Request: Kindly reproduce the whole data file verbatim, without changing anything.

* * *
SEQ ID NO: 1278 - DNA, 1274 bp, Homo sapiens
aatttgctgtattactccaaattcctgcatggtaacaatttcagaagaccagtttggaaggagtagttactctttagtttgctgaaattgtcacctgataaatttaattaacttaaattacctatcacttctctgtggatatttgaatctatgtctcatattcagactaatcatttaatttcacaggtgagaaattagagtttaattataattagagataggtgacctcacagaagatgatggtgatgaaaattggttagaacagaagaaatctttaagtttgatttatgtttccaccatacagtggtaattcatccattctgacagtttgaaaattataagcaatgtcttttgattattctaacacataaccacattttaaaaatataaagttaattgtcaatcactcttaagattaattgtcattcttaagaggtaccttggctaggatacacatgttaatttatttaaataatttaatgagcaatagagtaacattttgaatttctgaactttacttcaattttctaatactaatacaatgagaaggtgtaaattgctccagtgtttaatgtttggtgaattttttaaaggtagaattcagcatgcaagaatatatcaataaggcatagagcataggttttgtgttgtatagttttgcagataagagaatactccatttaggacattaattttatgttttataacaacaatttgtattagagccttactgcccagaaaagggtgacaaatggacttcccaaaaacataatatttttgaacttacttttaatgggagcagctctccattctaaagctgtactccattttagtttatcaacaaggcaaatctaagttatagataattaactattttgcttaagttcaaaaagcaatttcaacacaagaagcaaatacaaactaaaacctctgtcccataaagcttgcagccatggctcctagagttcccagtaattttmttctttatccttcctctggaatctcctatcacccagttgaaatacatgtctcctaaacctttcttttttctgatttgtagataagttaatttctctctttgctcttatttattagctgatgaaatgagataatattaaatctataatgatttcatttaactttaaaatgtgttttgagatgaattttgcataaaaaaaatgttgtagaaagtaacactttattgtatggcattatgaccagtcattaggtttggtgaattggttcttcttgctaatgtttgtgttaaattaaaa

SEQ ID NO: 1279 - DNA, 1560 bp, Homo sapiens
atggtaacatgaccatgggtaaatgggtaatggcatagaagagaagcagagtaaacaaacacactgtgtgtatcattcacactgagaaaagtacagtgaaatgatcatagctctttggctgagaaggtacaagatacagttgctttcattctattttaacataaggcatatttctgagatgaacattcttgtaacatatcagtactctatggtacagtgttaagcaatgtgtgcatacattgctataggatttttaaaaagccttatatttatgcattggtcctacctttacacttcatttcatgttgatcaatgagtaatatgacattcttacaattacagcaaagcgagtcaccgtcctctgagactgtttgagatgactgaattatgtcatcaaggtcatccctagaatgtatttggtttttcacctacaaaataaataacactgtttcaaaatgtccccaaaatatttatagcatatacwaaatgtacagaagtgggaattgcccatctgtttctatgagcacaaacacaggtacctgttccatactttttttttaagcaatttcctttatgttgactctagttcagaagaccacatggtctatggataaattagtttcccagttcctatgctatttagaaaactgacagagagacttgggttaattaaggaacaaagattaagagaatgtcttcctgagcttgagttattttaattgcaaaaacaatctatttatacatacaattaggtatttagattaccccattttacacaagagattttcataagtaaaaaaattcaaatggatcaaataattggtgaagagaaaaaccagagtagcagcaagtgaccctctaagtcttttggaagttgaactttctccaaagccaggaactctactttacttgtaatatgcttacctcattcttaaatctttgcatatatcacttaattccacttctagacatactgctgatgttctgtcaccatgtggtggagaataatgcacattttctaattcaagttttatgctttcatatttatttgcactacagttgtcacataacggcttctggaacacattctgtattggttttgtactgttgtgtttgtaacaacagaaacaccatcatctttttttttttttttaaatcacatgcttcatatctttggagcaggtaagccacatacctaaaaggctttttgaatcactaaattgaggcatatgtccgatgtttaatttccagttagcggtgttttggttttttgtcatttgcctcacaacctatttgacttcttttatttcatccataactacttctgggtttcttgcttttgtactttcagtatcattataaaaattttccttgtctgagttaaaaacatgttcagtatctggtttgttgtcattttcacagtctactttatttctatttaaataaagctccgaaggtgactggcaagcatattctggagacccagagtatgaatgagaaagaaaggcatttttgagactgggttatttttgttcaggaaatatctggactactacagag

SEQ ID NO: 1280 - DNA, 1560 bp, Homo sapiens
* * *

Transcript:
SEQ ID NO: 1278 - DNA, 1274 bp, Homo sapiens
aatttgctgtattactccaaattcctgcatggtaacaatttcagaagaccagtttggaaggagtagttactctttagtttgctgaaattgtcacctgataaatttaattaacttaaattacctatcacttctctgtggatatttgaatctatgtctcatattcagactaatcatttaatttcacaggtgagaaattagagtttaattataattagagataggtgacctcacagaagatgatggtgatgaaaattggttagaacagaagaaatctttaagtttgatttatgtttccaccatacagtggtaattcatccattctgacagtttgaaaattataagcaatgtcttttgattattctaacacataaccacattttaaaaatataaagttaattgtcaatcactcttaagattaattgtcattcttaagaggtaccttggctaggatacacatgttaatttatttaaataatttaatgagcaatagagtaacattttgaatttctgaactttacttcaattttctaatactaatacaatgagaaggtgtaaattgctccagtgtttaatgtttggtgaattttttaaaggtagaattcagcatgcaagaatatatcaataaggcatagagcataggttttgtgttgtatagttttgcagataagagaatactccatttaggacattaattttatgttttataacaacaatttgtattagagccttactgcccagaaaagggtgacaaatggacttcccaaaaacataatatttttgaacttacttttaatgggagcagctctccattctaaagctgtactccattttagtttatcaacaaggcaaatctaagttatagataattaactattttgcttaagttcaaaaagcaatttcaacacaagaagcaaatacaaactaaaacctctgtcccataaagcttgcagccatggctcctagagttcccagtaattttmttctttatccttcctctggaatctcctatcacccagttgaaatacatgtctcctaaacctttcttttttctgatttgtagataagttaatttctctctttgctcttatttattagctgatgaaatgagataatattaaatctataatgatttcatttaactttaaaatgtgttttgagatgaattttgcataaaaaaaatgttgtagaaagtaacactttattgtatggcattatgaccagtcattaggtttggtgaattggttcttcttgctaatgtttgtgttaaattaaaa

SEQ ID NO: 1279 - DNA, 1560 bp, Homo sapiens
atggtaacatgaccatgggtaaatgggtaatggcatagaagagaagcagagtaaacaaacacactgtgtgtatcattcacactgagaaaagtacagtgaaatgatcatagctctttggctgagaaggtacaagatacagttgctttcattctattttaacataaggcatatttctgagatgaacattcttgtaacatatcagtactctatggtacagtgttaagcaatgtgtgcatacattgctataggatttttaaaaagccttatatttatgcattggtcctacctttacacttcatttcatgttgatcaatgagtaatatgacattcttacaattacagcaaagcgagtcaccgtcctctgagactgtttgagatgactgaattatgtcatcaaggtcatccctagaatgtatttggtttttcacctacaaaataaataacactgtttcaaaatgtccccaaaatatttatagcatatacwaaatgtacagaagtgggaattgcccatctgtttctatgagcacaaacacaggtacctgttccatactttttttttaagcaatttcctttatgttgactctagttcagaagaccacatggtctatggataaattagtttcccagttcctatgctatttagaaaactgacagagagacttgggttaattaaggaacaaagattaagagaatgtcttcctgagcttgagttattttaattgcaaaaacaatctatttatacatacaattaggtatttagattaccccattttacacaagagattttcataagtaaaaaaattcaaatggatcaaataattggtgaagagaaaaaccagagtagcagcaagtgaccctctaagtcttttggaagttgaactttctccaaagccaggaactctactttacttgtaatatgcttacctcattcttaaatctttgcatatatcacttaattccacttctagacatactgctgatgttctgtcaccatgtggtggagaataatgcacattttctaattcaagttttatgctttcatatttatttgcactacagttgtcacataacggcttctggaacacattctgtattggttttgtactgttgtgtttgtaacaacagaaacaccatcatctttttttttttttttaaatcacatgcttcatatctttggagcaggtaagccacatacctaaaaggctttttgaatcactaaattgaggcatatgtccgatgtttaatttccagttagcggtgttttggttttttgtcatttgcctcacaacctatttgacttcttttatttcatccataactacttctgggtttcttgcttttgtactttcagtatcattataaaaattttccttgtctgagttaaaaacatgttcagtatctggtttgttgtcattttcacagtctactttatttctatttaaataaagctccgaaggtgactggcaagcatattctggagacccagagtatgaatgagaaagaaaggcatttttgagactgggttatttttgttcaggaaatatctggactactacagag

SEQ ID NO: 1280 - DNA, 1560 bp, Homo sapiens